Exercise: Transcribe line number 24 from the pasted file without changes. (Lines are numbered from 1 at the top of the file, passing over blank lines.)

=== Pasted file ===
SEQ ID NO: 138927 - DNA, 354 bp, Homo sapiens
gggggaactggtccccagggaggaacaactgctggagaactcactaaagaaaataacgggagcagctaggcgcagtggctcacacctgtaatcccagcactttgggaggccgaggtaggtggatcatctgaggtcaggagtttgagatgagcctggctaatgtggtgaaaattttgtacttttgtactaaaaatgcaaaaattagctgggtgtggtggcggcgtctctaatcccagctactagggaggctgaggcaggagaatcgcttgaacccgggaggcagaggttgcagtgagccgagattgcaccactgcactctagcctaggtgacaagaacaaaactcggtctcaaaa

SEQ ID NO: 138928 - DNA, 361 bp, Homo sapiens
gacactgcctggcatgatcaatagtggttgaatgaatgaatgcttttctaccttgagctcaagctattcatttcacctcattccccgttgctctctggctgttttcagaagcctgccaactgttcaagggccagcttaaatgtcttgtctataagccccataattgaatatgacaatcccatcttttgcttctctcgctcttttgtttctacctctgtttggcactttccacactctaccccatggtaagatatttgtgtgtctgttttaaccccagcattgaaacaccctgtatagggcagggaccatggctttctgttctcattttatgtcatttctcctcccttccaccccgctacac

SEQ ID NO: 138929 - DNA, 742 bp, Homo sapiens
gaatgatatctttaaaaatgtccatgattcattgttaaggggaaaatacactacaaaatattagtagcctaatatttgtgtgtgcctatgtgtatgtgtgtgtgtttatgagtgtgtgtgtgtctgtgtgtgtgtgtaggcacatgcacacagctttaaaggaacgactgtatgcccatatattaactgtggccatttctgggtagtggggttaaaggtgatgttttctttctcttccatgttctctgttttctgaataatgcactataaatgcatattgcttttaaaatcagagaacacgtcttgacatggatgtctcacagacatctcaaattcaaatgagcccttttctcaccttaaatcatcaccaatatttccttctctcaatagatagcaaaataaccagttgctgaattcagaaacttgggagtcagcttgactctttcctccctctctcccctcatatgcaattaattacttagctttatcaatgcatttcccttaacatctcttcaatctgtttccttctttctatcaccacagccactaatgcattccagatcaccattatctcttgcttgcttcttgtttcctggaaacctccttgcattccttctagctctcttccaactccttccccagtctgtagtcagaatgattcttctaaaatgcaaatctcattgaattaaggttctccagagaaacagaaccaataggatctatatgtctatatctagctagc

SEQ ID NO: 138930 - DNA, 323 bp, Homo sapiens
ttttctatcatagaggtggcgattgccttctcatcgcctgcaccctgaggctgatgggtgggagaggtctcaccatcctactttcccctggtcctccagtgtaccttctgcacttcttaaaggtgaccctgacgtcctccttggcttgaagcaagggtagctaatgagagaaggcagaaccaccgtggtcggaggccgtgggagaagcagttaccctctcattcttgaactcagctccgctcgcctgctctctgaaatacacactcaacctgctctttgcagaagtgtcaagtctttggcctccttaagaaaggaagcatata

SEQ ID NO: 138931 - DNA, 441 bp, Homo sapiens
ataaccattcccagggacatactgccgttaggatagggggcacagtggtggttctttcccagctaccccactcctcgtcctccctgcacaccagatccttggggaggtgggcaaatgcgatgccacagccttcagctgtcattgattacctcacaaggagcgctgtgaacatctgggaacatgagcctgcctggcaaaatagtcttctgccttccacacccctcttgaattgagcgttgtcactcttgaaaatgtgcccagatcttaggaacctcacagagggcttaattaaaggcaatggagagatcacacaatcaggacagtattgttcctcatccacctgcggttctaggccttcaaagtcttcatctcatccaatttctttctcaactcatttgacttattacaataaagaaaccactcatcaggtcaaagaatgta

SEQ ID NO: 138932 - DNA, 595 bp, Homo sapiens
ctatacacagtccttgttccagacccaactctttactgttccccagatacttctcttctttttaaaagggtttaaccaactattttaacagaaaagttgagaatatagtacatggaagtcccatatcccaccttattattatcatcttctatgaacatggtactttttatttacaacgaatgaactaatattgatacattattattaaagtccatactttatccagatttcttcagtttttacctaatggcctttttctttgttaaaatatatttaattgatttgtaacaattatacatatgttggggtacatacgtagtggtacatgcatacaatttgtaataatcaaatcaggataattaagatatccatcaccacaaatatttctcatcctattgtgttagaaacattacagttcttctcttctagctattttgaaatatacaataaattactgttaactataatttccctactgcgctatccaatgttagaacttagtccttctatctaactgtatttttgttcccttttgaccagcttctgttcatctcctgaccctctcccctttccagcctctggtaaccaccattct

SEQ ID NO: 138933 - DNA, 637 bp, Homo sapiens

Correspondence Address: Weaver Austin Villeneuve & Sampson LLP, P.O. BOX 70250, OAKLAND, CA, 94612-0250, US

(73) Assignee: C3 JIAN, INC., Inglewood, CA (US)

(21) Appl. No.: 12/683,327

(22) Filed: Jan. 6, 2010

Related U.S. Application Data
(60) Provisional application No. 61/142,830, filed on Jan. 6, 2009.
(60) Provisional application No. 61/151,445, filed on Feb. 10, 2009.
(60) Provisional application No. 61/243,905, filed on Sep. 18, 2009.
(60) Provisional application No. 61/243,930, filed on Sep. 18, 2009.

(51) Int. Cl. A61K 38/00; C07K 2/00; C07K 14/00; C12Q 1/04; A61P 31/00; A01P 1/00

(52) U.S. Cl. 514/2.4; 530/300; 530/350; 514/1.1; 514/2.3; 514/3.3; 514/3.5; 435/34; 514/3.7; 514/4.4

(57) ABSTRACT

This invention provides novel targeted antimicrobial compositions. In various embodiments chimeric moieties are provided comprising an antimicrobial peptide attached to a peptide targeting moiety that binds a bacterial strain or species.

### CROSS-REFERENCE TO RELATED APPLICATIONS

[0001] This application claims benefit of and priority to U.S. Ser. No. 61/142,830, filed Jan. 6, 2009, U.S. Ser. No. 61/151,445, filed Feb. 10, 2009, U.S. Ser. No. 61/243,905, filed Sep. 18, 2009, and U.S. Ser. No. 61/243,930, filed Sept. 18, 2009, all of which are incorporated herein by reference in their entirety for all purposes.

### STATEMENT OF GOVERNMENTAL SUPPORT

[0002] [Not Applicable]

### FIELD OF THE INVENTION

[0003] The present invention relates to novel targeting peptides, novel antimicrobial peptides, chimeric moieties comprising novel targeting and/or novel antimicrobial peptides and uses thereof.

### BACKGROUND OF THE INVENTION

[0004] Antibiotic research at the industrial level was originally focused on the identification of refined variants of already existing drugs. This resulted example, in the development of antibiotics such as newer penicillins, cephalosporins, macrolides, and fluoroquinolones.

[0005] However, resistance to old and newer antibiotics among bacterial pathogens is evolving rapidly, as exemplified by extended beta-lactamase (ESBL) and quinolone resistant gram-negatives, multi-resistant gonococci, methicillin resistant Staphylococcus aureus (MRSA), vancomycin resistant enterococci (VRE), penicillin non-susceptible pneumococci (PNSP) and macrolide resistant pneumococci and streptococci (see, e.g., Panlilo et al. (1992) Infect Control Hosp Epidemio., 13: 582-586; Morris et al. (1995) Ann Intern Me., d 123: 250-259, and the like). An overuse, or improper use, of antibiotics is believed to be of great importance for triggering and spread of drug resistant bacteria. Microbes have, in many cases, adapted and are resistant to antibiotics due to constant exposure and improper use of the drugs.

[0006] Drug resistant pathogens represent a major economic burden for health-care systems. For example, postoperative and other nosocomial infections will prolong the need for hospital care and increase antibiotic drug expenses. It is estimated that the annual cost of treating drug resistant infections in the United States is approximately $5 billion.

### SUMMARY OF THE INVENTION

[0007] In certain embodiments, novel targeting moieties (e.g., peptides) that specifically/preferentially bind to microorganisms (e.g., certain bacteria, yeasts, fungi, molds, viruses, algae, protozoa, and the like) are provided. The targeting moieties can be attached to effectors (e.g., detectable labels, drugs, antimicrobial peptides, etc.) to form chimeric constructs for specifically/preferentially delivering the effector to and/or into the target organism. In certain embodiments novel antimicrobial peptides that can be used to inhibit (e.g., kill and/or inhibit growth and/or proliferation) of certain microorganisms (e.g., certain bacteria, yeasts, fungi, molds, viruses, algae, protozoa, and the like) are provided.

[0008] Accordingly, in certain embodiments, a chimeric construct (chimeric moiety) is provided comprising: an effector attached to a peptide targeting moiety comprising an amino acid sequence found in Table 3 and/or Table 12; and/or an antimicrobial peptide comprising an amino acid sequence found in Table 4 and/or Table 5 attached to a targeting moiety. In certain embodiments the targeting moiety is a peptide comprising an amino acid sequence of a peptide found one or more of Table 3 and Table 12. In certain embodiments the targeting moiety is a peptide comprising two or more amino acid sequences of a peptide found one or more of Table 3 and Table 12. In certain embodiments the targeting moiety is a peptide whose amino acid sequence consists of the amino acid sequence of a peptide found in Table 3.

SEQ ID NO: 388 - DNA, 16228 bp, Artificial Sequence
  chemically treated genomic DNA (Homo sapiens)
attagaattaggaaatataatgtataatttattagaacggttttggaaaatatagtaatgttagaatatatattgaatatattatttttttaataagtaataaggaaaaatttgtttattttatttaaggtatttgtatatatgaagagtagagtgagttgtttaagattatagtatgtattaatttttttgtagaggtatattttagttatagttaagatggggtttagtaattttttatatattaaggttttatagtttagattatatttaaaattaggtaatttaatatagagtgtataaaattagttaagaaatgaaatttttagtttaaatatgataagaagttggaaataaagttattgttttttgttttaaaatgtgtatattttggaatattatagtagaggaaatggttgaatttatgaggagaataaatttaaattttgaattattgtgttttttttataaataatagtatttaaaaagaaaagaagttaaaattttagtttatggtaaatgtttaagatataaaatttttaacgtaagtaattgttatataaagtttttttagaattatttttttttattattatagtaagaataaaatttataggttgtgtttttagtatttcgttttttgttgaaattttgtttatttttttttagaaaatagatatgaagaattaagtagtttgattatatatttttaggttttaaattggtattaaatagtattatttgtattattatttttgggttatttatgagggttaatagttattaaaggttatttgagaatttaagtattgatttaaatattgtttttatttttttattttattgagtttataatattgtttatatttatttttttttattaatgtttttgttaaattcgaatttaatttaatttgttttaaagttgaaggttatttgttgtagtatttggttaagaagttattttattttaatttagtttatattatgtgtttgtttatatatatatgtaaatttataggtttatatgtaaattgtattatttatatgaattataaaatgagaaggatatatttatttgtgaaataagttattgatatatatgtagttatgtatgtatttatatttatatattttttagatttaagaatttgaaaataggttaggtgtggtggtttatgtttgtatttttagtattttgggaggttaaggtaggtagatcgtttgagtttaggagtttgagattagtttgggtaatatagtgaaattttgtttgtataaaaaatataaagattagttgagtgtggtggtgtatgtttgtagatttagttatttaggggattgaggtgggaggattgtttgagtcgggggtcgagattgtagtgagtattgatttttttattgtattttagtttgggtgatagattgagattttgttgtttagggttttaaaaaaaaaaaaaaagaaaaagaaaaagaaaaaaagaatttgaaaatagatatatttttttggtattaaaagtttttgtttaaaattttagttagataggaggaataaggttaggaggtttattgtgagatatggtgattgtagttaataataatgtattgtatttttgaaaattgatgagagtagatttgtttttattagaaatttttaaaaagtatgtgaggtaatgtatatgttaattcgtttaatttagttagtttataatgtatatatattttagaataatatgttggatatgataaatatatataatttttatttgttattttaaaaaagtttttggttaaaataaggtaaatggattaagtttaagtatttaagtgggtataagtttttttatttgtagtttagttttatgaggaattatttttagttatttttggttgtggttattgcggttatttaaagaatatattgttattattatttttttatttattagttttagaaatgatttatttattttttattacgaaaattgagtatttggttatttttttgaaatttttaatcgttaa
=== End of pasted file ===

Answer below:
(52) U.S. Cl. 514/2.4; 530/300; 530/350; 514/1.1; 514/2.3; 514/3.3; 514/3.5; 435/34; 514/3.7; 514/4.4